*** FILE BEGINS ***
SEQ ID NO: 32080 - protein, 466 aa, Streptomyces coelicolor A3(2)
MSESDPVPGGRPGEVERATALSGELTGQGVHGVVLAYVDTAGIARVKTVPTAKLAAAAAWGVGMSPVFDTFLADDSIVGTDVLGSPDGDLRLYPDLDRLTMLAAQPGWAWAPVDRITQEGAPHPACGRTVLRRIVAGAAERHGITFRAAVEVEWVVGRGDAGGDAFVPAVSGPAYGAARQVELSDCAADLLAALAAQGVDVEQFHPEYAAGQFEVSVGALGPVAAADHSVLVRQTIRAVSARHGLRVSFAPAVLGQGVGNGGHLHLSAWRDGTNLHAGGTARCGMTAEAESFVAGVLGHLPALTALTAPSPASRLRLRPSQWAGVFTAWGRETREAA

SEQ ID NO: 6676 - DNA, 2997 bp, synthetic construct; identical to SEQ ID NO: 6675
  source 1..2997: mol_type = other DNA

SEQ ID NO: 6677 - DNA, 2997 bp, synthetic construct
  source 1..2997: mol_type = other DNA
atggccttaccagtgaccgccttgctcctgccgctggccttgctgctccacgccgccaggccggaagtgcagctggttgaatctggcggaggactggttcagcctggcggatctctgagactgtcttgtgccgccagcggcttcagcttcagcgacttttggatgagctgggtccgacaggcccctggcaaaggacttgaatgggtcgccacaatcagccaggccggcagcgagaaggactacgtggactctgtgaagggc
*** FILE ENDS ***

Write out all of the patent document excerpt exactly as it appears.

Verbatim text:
SEQ ID NO: 32080 - protein, 466 aa, Streptomyces coelicolor A3(2)
MSESDPVPGGRPGEVERATALSGELTGQGVHGVVLAYVDTAGIARVKTVPTAKLAAAAAWGVGMSPVFDTFLADDSIVGTDVLGSPDGDLRLYPDLDRLTMLAAQPGWAWAPVDRITQEGAPHPACGRTVLRRIVAGAAERHGITFRAAVEVEWVVGRGDAGGDAFVPAVSGPAYGAARQVELSDCAADLLAALAAQGVDVEQFHPEYAAGQFEVSVGALGPVAAADHSVLVRQTIRAVSARHGLRVSFAPAVLGQGVGNGGHLHLSAWRDGTNLHAGGTARCGMTAEAESFVAGVLGHLPALTALTAPSPASRLRLRPSQWAGVFTAWGRETREAA

SEQ ID NO: 6676 - DNA, 2997 bp, synthetic construct; identical to SEQ ID NO: 6675
  source 1..2997: mol_type = other DNA

SEQ ID NO: 6677 - DNA, 2997 bp, synthetic construct
  source 1..2997: mol_type = other DNA
atggccttaccagtgaccgccttgctcctgccgctggccttgctgctccacgccgccaggccggaagtgcagctggttgaatctggcggaggactggttcagcctggcggatctctgagactgtcttgtgccgccagcggcttcagcttcagcgacttttggatgagctgggtccgacaggcccctggcaaaggacttgaatgggtcgccacaatcagccaggccggcagcgagaaggactacgtggactctgtgaagggc